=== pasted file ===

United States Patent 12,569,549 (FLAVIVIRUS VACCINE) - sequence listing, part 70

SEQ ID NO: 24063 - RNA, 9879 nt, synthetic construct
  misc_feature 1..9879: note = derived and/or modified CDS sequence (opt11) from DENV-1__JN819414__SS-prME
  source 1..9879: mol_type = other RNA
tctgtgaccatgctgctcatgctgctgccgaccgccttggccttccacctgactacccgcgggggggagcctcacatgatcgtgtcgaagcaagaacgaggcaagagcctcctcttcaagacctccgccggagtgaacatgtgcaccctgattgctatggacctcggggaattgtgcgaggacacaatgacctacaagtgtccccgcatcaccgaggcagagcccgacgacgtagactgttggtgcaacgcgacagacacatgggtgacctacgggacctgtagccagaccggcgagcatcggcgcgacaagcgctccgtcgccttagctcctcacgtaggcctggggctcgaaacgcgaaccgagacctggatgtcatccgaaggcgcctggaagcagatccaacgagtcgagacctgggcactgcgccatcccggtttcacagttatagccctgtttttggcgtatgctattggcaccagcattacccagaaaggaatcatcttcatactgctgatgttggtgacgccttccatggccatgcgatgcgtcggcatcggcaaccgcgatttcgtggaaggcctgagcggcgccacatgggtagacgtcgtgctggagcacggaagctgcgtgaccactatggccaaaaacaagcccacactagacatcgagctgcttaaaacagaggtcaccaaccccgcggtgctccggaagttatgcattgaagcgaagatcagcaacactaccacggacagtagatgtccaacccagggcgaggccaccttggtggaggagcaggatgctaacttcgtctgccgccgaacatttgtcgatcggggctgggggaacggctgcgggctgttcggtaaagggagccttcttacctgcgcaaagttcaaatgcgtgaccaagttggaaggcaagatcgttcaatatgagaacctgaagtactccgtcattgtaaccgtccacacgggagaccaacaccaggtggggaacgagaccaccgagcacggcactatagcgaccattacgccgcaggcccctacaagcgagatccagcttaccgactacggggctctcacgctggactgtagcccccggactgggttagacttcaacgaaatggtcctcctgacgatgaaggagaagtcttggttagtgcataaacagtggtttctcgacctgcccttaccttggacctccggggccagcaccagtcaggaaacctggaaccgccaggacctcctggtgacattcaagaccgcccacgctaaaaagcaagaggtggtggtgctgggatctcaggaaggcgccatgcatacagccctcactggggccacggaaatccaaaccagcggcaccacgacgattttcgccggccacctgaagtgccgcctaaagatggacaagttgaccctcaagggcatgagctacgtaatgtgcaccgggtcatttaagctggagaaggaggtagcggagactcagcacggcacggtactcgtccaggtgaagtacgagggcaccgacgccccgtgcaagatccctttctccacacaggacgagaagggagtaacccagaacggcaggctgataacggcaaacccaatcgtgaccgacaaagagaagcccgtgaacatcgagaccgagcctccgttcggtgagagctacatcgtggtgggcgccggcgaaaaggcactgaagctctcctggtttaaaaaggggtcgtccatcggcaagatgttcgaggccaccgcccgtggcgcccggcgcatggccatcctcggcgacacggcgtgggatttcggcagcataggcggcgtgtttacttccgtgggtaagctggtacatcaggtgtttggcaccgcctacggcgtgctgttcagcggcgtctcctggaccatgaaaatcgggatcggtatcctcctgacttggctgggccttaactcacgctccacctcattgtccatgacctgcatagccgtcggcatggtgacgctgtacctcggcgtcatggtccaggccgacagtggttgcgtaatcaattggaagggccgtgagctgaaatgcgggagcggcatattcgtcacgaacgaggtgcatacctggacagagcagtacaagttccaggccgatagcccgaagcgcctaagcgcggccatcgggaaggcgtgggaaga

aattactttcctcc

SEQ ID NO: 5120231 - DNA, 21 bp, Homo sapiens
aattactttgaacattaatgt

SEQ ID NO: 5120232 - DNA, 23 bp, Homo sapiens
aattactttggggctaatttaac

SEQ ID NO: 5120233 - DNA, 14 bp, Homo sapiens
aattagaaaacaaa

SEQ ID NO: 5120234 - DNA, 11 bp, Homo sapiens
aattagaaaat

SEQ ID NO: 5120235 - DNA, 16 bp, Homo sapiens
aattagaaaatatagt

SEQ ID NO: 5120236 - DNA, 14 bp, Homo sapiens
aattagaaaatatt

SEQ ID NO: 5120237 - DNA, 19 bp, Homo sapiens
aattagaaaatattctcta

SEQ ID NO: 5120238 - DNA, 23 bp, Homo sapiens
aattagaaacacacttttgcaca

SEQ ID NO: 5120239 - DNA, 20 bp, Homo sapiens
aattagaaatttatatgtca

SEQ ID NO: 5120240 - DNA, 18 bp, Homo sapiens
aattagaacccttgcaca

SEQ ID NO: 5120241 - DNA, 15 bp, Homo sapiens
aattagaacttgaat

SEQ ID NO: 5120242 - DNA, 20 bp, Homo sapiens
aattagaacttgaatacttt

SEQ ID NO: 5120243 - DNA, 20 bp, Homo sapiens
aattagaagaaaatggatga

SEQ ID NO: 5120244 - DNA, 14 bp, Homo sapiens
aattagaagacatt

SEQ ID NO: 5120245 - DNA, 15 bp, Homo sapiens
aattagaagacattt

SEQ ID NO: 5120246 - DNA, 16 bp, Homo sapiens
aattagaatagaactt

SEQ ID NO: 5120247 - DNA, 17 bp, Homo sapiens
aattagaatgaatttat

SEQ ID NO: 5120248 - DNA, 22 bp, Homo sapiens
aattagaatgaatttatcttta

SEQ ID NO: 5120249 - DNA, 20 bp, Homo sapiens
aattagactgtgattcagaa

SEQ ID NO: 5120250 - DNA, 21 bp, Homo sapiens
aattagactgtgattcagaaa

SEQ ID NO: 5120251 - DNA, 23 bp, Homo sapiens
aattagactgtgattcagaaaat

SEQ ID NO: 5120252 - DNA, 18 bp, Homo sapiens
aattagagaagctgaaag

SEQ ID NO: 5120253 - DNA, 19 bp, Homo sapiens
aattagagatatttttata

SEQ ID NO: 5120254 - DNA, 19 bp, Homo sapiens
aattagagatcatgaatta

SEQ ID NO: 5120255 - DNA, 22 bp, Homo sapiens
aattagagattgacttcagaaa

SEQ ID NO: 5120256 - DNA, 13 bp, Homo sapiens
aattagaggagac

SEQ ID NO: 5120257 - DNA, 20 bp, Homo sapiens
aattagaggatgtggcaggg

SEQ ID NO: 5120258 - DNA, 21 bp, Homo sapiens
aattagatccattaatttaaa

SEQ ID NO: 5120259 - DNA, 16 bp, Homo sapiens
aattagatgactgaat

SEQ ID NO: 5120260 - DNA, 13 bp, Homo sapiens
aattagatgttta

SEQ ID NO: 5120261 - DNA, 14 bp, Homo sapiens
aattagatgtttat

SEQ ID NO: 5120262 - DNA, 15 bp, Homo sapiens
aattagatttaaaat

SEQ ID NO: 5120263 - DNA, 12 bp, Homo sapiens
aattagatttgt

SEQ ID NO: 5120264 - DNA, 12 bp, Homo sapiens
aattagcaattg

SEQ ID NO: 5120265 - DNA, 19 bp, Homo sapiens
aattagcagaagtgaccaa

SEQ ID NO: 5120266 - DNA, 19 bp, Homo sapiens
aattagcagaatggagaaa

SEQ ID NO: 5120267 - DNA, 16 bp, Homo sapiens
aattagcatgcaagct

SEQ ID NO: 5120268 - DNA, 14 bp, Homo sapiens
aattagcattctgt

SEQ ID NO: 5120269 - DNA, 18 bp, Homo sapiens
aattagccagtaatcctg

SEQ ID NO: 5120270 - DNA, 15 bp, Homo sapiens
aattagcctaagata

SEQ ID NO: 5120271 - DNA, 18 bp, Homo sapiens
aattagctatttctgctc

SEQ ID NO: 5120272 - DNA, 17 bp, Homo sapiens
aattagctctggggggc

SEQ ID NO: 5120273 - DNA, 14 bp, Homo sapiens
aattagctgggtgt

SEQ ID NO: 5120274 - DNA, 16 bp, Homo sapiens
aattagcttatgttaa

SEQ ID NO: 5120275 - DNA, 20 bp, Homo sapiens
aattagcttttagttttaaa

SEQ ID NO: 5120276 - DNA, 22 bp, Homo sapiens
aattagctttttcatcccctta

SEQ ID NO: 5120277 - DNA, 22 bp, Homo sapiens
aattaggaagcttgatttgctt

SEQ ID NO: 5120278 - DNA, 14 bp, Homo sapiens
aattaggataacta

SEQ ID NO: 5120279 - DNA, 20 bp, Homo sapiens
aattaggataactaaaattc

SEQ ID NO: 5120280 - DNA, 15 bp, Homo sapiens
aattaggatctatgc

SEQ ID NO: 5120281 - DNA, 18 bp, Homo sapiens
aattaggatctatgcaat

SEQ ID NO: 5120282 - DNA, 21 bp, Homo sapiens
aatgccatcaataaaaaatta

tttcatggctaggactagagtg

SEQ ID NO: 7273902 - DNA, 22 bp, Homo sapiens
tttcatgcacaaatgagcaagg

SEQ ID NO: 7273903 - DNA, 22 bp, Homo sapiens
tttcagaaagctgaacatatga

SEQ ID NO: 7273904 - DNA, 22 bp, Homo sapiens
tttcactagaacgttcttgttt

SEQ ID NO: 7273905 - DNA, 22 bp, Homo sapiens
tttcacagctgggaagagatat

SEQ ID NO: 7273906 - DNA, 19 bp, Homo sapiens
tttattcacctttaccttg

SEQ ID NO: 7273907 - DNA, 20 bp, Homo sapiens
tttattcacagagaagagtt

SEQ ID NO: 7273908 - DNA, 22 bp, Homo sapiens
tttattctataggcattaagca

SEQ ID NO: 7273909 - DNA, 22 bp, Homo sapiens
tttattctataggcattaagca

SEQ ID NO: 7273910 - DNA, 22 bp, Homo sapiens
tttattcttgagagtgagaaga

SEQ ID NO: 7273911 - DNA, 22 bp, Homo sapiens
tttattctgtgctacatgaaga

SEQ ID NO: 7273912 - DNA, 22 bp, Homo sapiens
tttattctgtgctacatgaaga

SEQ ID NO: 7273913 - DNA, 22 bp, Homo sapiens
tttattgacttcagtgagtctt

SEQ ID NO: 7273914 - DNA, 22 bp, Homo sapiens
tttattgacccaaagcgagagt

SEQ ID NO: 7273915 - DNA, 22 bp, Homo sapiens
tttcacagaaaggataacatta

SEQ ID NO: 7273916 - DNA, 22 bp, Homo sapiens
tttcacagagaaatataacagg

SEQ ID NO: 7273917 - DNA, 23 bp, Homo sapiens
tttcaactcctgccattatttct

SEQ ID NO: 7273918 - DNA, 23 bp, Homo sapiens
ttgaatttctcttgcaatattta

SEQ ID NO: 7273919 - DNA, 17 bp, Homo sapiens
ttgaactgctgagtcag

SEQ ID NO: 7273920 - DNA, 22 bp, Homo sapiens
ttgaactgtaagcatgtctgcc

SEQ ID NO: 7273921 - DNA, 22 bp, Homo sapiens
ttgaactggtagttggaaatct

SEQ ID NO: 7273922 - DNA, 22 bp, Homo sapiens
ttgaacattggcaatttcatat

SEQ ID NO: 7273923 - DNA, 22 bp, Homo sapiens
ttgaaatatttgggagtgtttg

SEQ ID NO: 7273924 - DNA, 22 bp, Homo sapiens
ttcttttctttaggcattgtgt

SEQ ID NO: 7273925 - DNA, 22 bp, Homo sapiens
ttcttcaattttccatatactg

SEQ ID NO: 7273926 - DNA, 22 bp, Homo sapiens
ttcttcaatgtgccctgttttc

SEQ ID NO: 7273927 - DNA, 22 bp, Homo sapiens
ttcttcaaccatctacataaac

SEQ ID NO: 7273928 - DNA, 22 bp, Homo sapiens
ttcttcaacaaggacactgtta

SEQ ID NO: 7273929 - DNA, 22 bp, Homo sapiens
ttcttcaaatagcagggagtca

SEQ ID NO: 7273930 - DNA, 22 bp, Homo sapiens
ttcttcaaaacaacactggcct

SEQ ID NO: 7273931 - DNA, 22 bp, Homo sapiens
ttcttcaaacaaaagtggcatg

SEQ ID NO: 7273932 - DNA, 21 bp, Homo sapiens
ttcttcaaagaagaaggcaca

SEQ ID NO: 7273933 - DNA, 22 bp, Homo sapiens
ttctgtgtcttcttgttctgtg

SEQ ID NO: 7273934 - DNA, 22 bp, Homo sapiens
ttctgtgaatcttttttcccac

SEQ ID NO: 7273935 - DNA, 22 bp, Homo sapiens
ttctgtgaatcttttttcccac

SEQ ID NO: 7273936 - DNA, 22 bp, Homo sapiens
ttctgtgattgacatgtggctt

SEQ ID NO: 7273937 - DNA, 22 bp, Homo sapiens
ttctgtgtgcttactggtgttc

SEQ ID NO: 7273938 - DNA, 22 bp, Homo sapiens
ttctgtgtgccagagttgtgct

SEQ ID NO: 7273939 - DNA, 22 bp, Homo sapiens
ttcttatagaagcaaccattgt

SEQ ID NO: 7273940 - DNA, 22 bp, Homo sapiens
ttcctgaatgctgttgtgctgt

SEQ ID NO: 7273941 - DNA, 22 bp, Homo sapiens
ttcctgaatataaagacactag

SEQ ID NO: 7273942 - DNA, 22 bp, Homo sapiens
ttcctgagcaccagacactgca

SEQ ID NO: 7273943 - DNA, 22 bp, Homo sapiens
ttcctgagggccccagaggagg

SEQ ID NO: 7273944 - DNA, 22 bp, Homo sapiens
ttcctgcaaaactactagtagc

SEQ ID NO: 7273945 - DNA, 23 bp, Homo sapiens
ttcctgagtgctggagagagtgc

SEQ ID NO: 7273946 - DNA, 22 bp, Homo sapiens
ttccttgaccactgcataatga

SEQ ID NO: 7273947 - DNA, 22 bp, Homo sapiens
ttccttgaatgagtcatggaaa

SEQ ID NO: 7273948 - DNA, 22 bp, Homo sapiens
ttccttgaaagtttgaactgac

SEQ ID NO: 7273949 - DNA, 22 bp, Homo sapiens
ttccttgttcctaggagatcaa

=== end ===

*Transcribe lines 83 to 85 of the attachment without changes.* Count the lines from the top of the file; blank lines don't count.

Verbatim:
SEQ ID NO: 5120269 - DNA, 18 bp, Homo sapiens
aattagccagtaatcctg

SEQ ID NO: 5120270 - DNA, 15 bp, Homo sapiens